The Boy Statesman. By A Tory.

A poem by Thomas Moore

"That boy will be the death of me."
Matthews at Home.

Ah, Tories dear, our ruin is near,
With Stanley to help us, we can’t but fall;
Already a warning voice I hear,
Like the late Charles Matthews' croak in my ear,
"That boy--that boy'll be the death of you all."

He will, God help us!--not even Scriblerius
In the "Art of Sinking" his match could be;
And our case is growing exceeding serious,
For, all being in the same boat as he,
If down my Lord goes, down go we,
Lord Baron Stanley and Company,
As deep in Oblivion's swamp below
As such "Masters Shallow," well could go;
And where we shall all both low and high,
Embalmed in mud, as forgotten lie
As already doth Graham of Netherby!
But that boy, that boy!--there's a tale I know,
Which in talking of him comes àpropos.
Sir Thomas More had an only son,
And a foolish lad was that only one,
And Sir Thomas said one day to his wife,
"My dear, I can’t but wish you joy.
"For you prayed for a boy, and you now have a boy,
"Who'll continue a boy to the end of his life."

Even such is our own distressing lot,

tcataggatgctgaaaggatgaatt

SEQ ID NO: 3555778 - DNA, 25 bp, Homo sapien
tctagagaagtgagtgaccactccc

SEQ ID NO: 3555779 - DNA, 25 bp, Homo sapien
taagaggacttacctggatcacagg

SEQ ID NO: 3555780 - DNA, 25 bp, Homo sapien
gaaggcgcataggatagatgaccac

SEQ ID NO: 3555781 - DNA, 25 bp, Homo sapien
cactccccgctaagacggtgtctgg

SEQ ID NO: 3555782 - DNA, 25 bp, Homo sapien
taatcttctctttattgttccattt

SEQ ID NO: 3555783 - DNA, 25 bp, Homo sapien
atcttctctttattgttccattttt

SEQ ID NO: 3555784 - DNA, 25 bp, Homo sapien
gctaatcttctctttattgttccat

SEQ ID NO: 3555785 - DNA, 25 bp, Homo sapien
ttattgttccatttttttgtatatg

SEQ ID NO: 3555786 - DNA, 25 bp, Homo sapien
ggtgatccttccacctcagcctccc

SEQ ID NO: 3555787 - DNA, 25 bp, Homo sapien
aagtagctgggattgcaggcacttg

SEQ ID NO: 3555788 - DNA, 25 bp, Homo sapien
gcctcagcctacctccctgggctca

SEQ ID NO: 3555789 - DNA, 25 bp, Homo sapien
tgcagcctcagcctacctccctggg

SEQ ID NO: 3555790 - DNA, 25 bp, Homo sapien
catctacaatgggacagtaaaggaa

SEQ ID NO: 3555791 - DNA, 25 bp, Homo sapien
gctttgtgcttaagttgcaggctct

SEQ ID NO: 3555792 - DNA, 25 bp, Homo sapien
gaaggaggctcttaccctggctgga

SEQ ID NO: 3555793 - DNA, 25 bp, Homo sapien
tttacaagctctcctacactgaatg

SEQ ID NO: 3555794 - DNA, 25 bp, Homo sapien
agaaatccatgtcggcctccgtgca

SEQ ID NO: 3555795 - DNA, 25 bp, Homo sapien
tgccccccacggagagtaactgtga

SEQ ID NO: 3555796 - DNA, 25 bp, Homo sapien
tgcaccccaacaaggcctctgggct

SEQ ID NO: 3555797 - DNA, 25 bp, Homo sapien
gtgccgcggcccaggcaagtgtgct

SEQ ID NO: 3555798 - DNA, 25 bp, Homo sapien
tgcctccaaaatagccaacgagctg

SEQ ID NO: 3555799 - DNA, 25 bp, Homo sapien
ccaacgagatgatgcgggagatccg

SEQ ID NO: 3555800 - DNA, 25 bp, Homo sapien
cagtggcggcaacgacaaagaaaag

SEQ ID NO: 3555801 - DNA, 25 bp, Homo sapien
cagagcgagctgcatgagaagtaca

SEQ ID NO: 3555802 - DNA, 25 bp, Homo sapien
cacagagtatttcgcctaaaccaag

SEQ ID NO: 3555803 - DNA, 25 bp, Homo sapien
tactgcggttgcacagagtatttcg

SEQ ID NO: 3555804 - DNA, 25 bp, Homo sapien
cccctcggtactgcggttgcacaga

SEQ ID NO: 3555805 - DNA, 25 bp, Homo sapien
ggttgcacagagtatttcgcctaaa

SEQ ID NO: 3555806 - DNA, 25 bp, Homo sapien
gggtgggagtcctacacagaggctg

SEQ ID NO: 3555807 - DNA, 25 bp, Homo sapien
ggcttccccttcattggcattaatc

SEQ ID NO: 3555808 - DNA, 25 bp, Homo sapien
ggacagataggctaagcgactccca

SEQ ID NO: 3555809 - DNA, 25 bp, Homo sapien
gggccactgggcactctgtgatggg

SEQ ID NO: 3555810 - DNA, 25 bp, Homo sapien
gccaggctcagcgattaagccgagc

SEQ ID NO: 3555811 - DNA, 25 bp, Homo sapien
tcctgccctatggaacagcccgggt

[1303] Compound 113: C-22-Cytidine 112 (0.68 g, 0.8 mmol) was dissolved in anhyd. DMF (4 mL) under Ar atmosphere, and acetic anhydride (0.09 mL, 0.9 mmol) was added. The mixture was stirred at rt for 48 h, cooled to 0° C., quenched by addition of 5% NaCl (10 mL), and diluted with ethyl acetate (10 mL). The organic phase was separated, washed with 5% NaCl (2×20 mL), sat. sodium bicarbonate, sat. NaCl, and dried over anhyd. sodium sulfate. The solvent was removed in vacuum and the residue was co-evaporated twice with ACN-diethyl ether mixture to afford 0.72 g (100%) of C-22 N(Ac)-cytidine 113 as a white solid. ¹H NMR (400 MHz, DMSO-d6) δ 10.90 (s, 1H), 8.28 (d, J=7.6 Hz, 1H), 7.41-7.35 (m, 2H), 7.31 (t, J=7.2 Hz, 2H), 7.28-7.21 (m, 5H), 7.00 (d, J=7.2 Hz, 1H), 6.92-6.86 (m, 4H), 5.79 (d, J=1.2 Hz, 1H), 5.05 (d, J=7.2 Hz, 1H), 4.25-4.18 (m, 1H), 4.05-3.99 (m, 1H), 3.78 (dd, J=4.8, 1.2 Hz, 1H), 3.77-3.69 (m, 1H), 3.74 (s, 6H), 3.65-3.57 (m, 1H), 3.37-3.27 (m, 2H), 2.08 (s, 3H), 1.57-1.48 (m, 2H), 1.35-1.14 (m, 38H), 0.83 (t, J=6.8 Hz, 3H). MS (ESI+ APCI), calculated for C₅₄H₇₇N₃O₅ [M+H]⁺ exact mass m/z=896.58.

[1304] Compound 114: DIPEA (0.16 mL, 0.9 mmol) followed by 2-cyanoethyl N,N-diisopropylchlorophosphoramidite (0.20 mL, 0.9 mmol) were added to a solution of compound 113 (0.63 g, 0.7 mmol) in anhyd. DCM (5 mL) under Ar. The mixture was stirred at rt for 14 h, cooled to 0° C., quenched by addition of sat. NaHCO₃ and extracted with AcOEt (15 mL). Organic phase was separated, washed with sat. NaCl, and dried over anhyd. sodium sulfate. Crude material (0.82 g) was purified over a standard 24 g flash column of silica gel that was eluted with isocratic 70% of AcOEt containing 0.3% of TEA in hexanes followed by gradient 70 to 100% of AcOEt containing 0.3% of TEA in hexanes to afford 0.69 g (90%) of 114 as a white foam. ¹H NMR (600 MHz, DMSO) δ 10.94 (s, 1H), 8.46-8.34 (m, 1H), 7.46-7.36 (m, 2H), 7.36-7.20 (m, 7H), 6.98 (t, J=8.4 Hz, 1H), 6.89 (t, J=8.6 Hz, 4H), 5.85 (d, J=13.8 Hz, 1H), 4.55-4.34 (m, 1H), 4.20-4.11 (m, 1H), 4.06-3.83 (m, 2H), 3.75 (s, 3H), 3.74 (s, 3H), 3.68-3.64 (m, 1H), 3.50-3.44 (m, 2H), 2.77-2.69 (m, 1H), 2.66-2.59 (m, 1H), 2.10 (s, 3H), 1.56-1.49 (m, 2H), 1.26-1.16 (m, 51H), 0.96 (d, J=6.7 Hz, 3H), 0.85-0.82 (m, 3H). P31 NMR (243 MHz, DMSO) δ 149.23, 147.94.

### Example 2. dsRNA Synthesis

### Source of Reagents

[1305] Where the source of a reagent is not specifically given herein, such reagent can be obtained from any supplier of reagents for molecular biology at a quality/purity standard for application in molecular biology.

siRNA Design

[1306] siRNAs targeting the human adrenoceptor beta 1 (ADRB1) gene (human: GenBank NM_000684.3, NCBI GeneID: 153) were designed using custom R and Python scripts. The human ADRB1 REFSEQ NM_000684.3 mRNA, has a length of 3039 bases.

With the ever-young statesman we have got;
Nay even still worse; for Master More
Wasn't more a youth than he'd been before,
While ours such power of boyhood shows,
That the older he gets the more juvenile he grows,
And at what extreme old age he'll close
His schoolboy course, heaven only knows;--
Some century hence, should he reach so far,
And ourselves to witness it heaven condemn,
We shall find him a sort of cub Old Parr,
A whipper-snapper Methusalem;
Nay, even should he make still longer stay of it,
The boy'll want judgment, even to the day of it!
Meanwhile, 'tis a serious, sad infliction;
And day and night with awe I recall
The late Mr. Matthews' solemn prediction,
"That boy'll be the death, the death of you all."

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